Daily Devotional – The Beatitudes by Thomas Watson Part LXVIX

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Image Depicting Jesus’ Sermon on the Mount

The Beatitudes

by Thomas Watson

An Exposition of Matthew 5:1-12 

“Blessed are the peacemakers, for they shall be called sons of God.” (v.9)

Blessed are the poor in spirit, for theirs is the kingdom of heaven.”
“Blessed are those who mourn, for they shall be comforted.”
Blessed are the meek, for they shall inherit the earth.”
“Blessed are those who hunger and thirst for righteousness, for they shall be satisfied.”
“Blessed are the merciful, for they shall receive mercy.”
“Blessed are the pure in heart, for they shall see God.”
“Blessed are the peacemakers, for they shall be called sons of God.”
“Blessed are those who are persecuted, for theirs is the kingdom of heaven”

Concerning Peaceableness

“They shall be called the children of God.” Matthew 5:9

How Christians should bring up their children

There are two reasons why a godly parent will endeavor to bring his child into the heavenly family:

[1] Out of conscience. A godly parent sees the injury he has done to his child. He has conveyed the plague of sin to him, and in conscience he will endeavor to make some recompense. In the old law, he who had smitten and wounded another was bound to see him healed and pay for his cure. Parents have given their children a wound in their souls, and therefore must do what in them lies by admonition, prayers, and tears—to see the wound healed.

[2] Out of flaming zeal to the honor of God. He who has tasted God’s love in adoption, looks upon himself as engaged to bring God all the glory he can. If he has a child or acquaintance who are strangers to God, he would gladly promote the work of grace in their hearts. It is a glory to Christ when multitudes are born to him.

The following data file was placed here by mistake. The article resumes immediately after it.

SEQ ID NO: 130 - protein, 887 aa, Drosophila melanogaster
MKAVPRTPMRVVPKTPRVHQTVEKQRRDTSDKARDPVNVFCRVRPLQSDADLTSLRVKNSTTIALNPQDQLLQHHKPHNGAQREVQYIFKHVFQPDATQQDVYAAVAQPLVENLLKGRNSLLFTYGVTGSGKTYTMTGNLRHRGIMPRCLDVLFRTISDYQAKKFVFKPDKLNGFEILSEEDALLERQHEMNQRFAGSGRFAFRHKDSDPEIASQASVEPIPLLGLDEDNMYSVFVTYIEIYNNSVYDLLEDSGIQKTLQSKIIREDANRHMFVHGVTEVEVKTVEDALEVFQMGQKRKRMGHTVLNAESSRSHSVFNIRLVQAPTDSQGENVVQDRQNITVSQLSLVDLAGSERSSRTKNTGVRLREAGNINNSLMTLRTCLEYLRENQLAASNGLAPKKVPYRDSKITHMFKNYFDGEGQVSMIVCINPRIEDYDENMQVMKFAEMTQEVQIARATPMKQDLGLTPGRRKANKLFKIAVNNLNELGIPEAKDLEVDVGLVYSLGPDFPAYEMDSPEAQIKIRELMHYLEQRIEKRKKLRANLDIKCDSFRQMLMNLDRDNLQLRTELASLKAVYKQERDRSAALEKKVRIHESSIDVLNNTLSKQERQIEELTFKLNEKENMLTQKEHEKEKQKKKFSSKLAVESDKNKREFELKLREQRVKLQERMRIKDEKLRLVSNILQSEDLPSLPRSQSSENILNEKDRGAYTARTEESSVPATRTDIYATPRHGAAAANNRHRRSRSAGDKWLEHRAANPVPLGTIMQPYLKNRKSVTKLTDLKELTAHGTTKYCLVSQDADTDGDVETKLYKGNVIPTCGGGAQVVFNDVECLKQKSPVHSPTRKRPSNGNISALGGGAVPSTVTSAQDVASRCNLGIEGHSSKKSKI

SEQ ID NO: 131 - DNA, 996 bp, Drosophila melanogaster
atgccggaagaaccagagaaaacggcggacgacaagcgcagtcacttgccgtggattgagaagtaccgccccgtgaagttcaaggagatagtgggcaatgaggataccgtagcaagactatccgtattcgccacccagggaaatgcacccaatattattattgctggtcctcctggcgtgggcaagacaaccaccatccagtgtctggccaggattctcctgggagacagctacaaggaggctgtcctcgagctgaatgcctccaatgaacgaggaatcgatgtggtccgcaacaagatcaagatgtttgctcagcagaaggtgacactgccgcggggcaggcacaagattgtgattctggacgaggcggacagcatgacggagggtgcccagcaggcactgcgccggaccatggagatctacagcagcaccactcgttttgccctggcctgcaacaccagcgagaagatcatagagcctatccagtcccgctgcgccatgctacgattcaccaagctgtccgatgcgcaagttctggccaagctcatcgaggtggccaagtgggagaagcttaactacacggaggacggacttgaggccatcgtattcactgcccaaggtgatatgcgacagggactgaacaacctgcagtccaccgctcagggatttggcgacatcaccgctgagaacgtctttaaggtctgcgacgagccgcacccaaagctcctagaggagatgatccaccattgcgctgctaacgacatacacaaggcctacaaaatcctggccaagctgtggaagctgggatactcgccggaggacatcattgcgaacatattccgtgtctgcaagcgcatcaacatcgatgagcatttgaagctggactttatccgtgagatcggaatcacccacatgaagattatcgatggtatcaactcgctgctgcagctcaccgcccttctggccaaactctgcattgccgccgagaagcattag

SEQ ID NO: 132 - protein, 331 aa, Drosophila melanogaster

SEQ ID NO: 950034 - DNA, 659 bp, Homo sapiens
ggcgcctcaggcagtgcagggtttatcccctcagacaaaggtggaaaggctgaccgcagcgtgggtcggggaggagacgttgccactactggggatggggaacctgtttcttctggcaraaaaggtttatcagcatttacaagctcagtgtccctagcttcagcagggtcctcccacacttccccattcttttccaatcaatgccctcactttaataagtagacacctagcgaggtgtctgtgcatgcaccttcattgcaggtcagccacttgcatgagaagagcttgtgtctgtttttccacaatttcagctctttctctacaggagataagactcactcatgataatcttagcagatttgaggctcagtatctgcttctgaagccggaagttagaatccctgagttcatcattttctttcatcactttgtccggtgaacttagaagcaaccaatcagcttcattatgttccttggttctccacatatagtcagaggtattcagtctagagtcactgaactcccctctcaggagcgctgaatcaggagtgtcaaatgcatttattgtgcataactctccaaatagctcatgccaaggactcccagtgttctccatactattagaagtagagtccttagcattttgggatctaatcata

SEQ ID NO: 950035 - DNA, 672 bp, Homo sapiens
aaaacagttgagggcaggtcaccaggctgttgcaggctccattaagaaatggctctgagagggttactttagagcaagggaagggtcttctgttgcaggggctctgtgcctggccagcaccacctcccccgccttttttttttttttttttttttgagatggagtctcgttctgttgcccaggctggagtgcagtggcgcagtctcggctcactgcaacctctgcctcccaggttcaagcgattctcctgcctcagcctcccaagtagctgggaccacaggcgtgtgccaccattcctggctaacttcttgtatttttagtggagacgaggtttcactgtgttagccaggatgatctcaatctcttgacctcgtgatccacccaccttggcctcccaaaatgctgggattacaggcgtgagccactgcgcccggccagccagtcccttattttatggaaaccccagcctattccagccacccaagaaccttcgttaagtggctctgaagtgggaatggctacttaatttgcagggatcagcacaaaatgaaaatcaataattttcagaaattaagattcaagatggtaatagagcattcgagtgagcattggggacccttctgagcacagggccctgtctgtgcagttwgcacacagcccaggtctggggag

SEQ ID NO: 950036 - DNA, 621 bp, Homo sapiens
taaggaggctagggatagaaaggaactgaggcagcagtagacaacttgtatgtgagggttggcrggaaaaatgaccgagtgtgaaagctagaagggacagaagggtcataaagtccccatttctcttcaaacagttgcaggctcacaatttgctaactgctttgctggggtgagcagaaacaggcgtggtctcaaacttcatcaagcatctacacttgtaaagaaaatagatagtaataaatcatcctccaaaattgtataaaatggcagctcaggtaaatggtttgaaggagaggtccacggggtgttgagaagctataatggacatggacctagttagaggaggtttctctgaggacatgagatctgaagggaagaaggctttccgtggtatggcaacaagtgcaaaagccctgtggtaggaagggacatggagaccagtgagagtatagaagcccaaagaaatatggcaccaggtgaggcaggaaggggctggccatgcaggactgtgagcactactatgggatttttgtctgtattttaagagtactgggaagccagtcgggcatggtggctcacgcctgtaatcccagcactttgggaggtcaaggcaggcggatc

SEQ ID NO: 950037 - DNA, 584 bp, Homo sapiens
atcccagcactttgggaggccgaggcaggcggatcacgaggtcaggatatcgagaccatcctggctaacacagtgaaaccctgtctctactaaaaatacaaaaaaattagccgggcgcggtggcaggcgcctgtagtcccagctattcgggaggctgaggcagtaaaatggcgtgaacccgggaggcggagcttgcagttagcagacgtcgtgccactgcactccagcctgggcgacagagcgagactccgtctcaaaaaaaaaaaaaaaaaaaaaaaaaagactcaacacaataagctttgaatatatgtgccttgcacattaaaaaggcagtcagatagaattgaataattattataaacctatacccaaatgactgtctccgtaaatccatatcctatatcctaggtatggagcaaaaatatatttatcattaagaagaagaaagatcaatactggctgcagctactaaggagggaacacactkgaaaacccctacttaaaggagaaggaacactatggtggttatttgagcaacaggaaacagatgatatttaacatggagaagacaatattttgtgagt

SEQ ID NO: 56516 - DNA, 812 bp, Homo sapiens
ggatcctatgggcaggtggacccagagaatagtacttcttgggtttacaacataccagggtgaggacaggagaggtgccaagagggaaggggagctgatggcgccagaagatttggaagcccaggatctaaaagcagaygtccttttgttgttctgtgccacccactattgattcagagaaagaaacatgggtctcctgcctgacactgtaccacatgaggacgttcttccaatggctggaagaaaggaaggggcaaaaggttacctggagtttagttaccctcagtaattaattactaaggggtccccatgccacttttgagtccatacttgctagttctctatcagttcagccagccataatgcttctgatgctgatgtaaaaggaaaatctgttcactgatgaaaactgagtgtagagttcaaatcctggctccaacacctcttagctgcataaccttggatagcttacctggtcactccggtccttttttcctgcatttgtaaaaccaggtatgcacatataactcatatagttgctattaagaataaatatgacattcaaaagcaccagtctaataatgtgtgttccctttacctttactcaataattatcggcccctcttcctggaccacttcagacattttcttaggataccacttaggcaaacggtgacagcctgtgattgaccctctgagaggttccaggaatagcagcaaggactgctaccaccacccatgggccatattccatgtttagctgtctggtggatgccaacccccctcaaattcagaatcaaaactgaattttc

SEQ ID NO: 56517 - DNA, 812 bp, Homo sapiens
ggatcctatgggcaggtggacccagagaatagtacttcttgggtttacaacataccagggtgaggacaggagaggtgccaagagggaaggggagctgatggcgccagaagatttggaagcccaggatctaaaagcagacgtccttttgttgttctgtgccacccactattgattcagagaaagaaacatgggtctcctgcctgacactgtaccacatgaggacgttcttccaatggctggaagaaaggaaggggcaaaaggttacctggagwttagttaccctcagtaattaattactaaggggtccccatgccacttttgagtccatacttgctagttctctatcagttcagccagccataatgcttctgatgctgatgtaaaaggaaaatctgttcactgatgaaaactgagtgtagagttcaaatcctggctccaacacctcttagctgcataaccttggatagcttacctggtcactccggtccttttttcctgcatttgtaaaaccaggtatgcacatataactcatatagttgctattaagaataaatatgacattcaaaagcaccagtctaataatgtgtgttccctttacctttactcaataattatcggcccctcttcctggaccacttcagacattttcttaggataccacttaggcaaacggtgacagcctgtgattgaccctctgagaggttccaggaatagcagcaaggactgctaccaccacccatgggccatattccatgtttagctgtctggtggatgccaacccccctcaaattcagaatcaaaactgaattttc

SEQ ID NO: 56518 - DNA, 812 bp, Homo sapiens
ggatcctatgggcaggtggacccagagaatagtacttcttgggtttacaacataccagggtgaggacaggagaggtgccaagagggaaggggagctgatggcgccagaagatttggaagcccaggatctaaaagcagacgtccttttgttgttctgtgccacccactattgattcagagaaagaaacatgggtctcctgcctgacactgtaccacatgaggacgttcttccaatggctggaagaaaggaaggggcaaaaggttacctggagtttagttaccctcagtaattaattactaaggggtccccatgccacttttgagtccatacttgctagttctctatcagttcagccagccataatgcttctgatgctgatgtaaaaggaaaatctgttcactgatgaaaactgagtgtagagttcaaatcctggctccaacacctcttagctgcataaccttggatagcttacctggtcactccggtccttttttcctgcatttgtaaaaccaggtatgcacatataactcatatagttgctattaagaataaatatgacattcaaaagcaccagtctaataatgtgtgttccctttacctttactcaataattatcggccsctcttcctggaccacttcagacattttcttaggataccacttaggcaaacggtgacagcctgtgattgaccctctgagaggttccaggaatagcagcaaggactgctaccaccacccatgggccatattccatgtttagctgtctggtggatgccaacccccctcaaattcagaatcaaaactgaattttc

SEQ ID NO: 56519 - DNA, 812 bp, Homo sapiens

How far are they from being God’s children who have no care to bring others into the family of God! To blame are those masters, who mind more their servants’ work than their souls. To blame are those parents who disregard the spiritual welfare of their children. They do not drop in principles of knowledge into them—but allow them to have their own way. They will let them lie and swear—but not pray for them. They will let them read play-books—but not Scripture.
‘These words which I command you this day, you shall teach them diligently to your children’ (Deuteronomy 6:6, 7). ‘Train up a child in the way he should go, and when he is old he will not depart from it’ (Proverbs 22:6). ‘Fathers, do not exasperate your children; instead, bring them up in the training and instruction of the Lord’ (Ephesians 6:4). This threefold cord of Scripture is not easily broken.

The saints of old were continually grafting principles of holy knowledge in their children. ‘I know that Abraham will command his children, and they shall keep the way of the Lord’ (Genesis 18:19). ‘And you Solomon, my son, know the God of your father and serve him with a perfect heart’ (1 Chronicles 28:9). What need is there of instilling holy instructions to overtop the poisonful weeds of sin which grow in our children’s hearts! As farmers, when they have planted young trees, they set stays to them to keep them from bending. Children are young plants. The heavenly precepts of their parents are like stays set about them, to keep them from bending to error and profaneness. When can there be a fitter season to disseminate and infuse knowledge into children, than when they are young? Now is a time to give them the breast and let them suck in the ‘sincere milk of the word’ (1 Peter 2:2).

But some may object that it is to no purpose to teach our children the knowledge of God. They have no sense of spiritual things, nor are they the better for our instructions. I answer:

We read in Scripture of children who by virtue of instruction have had their tender years sanctified. Timothy’s mother and grandmother taught him the Scriptures from his cradle: ‘And that from a child you have known the holy Scriptures’ (2 Timothy 3:15). Timothy sucked in Scripture, as it were with his milk. We read of young children who cried ‘Hosanna’ to Christ and trumpeted forth his praises (Matthew 21:15).
And again, suppose our counsel and instruction does not at present prevail with our children, it may afterwards take effect. The seed a man sows in his ground does not immediately spring up—but in its season it brings forth a crop. He who plants a tree does not see the full growth until many years after. If we must not instruct our children because at present they do not reap the benefit, by the same reason ministers should not preach the Word, because at present many of their hearers have no benefit.